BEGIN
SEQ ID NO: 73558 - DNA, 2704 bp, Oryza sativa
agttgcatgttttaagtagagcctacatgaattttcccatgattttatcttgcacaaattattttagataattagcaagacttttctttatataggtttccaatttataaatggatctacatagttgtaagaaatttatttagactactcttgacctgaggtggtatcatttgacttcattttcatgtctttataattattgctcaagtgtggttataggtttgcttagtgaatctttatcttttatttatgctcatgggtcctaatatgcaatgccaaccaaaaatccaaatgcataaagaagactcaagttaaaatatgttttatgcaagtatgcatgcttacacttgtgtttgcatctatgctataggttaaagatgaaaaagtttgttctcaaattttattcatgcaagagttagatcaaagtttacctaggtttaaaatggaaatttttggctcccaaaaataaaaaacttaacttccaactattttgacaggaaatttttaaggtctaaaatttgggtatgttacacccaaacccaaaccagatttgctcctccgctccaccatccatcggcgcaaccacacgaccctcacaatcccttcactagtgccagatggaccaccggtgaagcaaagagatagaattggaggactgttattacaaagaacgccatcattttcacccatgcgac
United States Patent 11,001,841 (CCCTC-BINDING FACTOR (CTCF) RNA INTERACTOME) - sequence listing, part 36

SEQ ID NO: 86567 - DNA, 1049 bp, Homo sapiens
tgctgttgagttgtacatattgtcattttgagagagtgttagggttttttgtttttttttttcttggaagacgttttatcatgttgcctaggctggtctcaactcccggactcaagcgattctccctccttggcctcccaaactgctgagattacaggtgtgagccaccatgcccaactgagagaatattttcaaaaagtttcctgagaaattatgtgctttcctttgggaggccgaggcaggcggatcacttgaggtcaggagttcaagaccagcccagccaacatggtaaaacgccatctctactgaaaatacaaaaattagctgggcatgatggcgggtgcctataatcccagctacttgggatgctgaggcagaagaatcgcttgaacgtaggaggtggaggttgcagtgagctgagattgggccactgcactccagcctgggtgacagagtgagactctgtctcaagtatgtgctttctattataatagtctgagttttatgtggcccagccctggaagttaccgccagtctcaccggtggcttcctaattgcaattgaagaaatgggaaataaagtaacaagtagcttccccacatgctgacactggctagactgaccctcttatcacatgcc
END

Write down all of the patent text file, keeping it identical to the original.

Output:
SEQ ID NO: 73558 - DNA, 2704 bp, Oryza sativa
agttgcatgttttaagtagagcctacatgaattttcccatgattttatcttgcacaaattattttagataattagcaagacttttctttatataggtttccaatttataaatggatctacatagttgtaagaaatttatttagactactcttgacctgaggtggtatcatttgacttcattttcatgtctttataattattgctcaagtgtggttataggtttgcttagtgaatctttatcttttatttatgctcatgggtcctaatatgcaatgccaaccaaaaatccaaatgcataaagaagactcaagttaaaatatgttttatgcaagtatgcatgcttacacttgtgtttgcatctatgctataggttaaagatgaaaaagtttgttctcaaattttattcatgcaagagttagatcaaagtttacctaggtttaaaatggaaatttttggctcccaaaaataaaaaacttaacttccaactattttgacaggaaatttttaaggtctaaaatttgggtatgttacacccaaacccaaaccagatttgctcctccgctccaccatccatcggcgcaaccacacgaccctcacaatcccttcactagtgccagatggaccaccggtgaagcaaagagatagaattggaggactgttattacaaagaacgccatcattttcacccatgcgac
United States Patent 11,001,841 (CCCTC-BINDING FACTOR (CTCF) RNA INTERACTOME) - sequence listing, part 36

SEQ ID NO: 86567 - DNA, 1049 bp, Homo sapiens
tgctgttgagttgtacatattgtcattttgagagagtgttagggttttttgtttttttttttcttggaagacgttttatcatgttgcctaggctggtctcaactcccggactcaagcgattctccctccttggcctcccaaactgctgagattacaggtgtgagccaccatgcccaactgagagaatattttcaaaaagtttcctgagaaattatgtgctttcctttgggaggccgaggcaggcggatcacttgaggtcaggagttcaagaccagcccagccaacatggtaaaacgccatctctactgaaaatacaaaaattagctgggcatgatggcgggtgcctataatcccagctacttgggatgctgaggcagaagaatcgcttgaacgtaggaggtggaggttgcagtgagctgagattgggccactgcactccagcctgggtgacagagtgagactctgtctcaagtatgtgctttctattataatagtctgagttttatgtggcccagccctggaagttaccgccagtctcaccggtggcttcctaattgcaattgaagaaatgggaaataaagtaacaagtagcttccccacatgctgacactggctagactgaccctcttatcacatgcc